Like an influencer to a precariously photogenic clifftop, Europeans were this year drawn to the beach in spite of government warnings the pandemic was ongoing.
Perhaps not coincidentally, we are now seeing The Virus rear its ugly head again, everywhere from Spain to England.
As The New York Times reported yesterday, Europe, which once compared favorably to the United States in its handling of the pandemic, “is being engulfed by a second wave.”
“With an average of more than 100,000 new infections per day over the past week, Europe now accounts for about one-third of new cases reported worldwide.”
This comes after several European countries shrugged off their lockdowns and flung open their borders, engendering the sense people could return to their normal lives.
Since then, “In the face of intense political pressures, European leaders have been reluctant to impose new, economically damaging lockdowns, often opting for the lightest possible measures,” The New York Times reports.
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However, Spaniards’ summer sojourns and Britons’ beach bumbles may not have played such an elemental role in the resurgence of cases as you might think.
As The New York Times reports, “Public health experts have long warned that the virus could roar back when the days grew colder, driving people indoors, where the risk of transmission is far greater.”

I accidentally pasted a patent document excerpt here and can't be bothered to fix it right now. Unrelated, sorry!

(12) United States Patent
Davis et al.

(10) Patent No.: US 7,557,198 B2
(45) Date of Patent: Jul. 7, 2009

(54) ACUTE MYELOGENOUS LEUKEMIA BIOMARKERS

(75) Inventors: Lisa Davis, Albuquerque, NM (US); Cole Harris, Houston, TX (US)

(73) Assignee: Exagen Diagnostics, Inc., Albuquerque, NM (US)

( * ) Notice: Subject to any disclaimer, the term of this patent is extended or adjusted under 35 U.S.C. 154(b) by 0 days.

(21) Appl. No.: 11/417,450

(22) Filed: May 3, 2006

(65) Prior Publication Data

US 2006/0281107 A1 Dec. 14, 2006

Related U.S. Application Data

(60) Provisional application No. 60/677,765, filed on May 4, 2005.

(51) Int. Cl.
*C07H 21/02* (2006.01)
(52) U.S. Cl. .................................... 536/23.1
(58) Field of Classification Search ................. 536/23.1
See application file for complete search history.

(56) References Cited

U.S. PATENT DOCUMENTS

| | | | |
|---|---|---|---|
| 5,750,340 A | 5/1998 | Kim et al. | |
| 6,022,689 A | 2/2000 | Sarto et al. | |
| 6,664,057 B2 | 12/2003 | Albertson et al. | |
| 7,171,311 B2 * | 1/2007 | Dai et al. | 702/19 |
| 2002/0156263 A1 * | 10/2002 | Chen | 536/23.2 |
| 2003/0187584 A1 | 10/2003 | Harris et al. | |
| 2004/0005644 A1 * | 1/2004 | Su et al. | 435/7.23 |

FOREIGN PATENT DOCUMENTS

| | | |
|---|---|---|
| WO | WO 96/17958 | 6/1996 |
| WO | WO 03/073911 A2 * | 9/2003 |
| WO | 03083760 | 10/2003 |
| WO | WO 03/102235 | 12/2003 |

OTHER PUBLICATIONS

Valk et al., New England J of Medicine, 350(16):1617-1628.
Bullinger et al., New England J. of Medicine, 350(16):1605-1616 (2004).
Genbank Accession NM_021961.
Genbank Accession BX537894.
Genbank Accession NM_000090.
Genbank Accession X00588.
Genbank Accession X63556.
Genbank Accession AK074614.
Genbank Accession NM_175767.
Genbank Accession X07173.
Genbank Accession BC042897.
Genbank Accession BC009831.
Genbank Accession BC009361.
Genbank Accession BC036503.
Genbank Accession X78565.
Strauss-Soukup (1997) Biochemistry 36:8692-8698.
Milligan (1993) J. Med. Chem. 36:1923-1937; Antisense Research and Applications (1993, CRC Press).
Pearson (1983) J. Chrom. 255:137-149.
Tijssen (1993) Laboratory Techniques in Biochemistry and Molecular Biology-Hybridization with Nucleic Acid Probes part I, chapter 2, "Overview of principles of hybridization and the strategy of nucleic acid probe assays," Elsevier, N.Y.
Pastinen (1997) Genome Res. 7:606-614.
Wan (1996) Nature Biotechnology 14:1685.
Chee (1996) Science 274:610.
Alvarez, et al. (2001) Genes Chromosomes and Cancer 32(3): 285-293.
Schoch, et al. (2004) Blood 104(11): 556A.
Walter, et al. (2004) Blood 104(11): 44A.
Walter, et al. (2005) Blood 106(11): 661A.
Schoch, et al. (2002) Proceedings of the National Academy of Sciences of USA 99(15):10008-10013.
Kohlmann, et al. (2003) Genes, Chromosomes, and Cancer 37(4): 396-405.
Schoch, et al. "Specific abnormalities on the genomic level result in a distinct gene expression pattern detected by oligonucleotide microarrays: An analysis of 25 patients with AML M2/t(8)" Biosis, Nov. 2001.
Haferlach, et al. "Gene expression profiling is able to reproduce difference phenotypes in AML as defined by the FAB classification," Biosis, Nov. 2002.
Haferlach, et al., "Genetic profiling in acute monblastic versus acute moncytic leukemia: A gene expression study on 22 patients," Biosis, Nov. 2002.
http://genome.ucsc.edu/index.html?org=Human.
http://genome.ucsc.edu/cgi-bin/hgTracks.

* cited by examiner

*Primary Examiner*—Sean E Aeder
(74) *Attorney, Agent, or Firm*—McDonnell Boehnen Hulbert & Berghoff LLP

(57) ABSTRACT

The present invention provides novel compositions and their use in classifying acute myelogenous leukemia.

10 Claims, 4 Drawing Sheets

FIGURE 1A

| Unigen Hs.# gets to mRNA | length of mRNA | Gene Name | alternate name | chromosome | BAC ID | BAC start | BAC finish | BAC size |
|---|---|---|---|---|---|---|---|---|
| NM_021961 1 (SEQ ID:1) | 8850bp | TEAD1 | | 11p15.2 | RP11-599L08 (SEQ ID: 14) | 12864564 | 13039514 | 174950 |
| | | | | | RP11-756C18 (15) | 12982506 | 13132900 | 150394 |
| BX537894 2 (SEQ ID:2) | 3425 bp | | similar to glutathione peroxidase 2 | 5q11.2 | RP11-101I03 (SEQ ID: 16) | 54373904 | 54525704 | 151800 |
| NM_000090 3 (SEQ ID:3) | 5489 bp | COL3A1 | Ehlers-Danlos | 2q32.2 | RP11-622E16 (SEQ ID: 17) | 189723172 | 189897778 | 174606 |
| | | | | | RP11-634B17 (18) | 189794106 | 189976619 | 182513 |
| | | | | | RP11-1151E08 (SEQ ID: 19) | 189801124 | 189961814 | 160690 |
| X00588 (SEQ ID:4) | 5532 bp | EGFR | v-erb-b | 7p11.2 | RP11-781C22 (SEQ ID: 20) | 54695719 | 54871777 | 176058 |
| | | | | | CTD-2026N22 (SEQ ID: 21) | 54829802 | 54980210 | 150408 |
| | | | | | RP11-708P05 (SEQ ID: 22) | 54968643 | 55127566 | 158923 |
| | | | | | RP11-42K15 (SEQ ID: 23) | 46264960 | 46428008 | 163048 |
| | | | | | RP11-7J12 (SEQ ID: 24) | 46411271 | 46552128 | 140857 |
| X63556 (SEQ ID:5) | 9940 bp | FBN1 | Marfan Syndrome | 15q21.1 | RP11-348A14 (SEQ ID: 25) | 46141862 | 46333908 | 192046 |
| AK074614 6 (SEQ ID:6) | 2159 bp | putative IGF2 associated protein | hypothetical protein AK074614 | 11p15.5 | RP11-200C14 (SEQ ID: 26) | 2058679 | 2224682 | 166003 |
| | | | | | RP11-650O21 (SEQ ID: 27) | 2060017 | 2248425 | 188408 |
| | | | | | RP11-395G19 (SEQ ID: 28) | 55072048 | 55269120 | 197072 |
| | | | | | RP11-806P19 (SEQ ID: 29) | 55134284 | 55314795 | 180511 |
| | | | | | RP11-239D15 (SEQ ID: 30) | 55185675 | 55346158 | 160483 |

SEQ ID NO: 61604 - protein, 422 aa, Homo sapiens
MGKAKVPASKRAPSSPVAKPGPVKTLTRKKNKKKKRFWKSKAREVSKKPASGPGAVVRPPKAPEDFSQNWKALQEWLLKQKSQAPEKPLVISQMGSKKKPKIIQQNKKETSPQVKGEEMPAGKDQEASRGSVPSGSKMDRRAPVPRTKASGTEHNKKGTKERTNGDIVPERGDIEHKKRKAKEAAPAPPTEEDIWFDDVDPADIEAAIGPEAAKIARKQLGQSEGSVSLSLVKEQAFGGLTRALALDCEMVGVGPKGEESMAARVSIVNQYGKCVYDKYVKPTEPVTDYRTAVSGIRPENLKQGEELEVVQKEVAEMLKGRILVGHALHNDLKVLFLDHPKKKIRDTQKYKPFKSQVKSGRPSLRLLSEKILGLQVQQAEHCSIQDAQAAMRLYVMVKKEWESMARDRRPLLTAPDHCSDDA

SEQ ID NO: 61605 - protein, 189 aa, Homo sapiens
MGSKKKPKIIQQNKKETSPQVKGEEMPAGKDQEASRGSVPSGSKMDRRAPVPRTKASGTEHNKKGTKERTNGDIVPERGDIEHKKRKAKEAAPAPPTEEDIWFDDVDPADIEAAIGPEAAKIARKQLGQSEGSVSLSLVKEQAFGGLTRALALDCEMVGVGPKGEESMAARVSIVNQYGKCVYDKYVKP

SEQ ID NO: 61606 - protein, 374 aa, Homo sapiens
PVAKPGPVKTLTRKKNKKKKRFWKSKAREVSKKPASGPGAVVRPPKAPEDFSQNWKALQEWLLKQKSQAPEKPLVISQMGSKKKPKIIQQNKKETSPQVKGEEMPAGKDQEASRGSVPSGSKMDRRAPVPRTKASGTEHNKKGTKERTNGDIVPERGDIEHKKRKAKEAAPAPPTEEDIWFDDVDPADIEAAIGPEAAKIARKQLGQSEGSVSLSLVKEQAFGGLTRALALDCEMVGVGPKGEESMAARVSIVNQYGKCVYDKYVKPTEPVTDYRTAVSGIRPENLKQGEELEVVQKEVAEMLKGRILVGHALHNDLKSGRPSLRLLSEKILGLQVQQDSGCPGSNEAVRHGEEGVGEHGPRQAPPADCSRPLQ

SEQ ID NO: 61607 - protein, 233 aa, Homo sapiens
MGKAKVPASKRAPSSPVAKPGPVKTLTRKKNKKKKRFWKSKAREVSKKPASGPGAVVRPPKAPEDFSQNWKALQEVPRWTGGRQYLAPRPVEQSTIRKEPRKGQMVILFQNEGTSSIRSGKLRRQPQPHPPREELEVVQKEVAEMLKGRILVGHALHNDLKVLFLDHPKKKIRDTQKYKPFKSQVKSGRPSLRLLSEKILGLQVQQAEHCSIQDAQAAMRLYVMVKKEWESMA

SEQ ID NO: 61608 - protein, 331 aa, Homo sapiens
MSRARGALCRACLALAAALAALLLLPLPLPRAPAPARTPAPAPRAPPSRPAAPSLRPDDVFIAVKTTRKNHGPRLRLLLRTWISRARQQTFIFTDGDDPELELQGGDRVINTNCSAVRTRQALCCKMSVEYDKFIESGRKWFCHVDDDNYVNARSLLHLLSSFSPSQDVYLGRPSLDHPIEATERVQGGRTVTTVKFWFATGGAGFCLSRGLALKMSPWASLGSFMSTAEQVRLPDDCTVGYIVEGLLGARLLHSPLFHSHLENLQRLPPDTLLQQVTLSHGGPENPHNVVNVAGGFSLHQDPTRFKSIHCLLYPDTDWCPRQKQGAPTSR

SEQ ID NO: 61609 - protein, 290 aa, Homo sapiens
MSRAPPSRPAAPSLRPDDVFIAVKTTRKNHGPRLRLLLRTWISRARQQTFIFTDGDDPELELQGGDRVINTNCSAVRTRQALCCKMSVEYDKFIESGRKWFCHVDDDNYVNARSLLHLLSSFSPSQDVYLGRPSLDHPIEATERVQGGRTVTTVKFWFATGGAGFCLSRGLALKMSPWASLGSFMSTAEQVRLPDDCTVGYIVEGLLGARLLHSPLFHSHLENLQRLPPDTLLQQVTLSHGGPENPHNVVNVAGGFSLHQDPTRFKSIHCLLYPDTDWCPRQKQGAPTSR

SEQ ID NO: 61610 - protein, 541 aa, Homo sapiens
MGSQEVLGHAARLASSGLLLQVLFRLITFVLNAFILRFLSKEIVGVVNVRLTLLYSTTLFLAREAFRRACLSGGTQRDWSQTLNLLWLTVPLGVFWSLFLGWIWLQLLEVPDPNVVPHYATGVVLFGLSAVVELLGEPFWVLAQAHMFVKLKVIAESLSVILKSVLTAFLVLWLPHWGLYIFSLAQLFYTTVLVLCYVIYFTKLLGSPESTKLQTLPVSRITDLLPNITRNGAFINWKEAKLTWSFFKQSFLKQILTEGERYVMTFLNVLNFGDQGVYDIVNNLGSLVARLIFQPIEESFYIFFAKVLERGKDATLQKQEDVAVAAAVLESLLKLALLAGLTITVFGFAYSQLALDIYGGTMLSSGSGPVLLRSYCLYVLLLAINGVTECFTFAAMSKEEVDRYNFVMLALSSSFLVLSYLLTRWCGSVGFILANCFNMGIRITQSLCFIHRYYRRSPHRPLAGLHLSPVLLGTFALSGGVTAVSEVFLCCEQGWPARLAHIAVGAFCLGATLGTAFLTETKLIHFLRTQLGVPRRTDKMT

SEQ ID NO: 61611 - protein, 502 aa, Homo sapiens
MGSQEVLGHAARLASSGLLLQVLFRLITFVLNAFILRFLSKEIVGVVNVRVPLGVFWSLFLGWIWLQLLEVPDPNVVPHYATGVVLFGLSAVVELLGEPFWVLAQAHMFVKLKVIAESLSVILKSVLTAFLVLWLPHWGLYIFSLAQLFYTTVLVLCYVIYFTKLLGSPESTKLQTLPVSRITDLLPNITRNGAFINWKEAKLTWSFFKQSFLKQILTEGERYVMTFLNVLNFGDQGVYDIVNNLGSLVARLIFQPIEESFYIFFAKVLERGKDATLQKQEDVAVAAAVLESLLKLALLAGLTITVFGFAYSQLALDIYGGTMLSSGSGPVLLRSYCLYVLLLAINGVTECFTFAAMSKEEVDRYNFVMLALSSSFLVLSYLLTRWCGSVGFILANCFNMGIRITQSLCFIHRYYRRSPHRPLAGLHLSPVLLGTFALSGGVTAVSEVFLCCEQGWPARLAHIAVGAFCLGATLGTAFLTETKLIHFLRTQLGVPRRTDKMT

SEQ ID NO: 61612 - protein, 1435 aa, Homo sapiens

Is it possible then, for those of us on the other side of the world now watching the thermometer go up, to enjoy summer? The answer is a yes – with caveats.
To help us do just that are a number of summer pandemic lessons we ought to learn from Europe. The first is that effective contact tracing and a clear roadmap for an impatient (inpatient?) population are both crucial.
Traveller illustrates this point with the case study of Spain: “On September 8, Spain notched up a new milestone when it became the first European country to record more than half a million coronavirus cases. With infection rates higher than France, the UK and every other European country, coronavirus tests have indicated positive for almost one in 10 of those tested.”
“Government officials have pointed the finger at the country’s youth who have been partying, socialising, celebrating with friends and families and disregarding rules around social distancing. Infections spread in the home are believed to be responsible for around 50 per cent of cases.”
“Spain’s response to the crisis has been piecemeal, with much of the fine detail left to regional jurisdictions. Track and trace procedures are neither uniform nor rigorous. When someone tests positive, authorities have difficulty tracing their contacts. Many parts of the country, such as Madrid, where cases have been rising rapidly, have been slow to reimpose lockdown measures such as limiting gatherings to a maximum of 10.”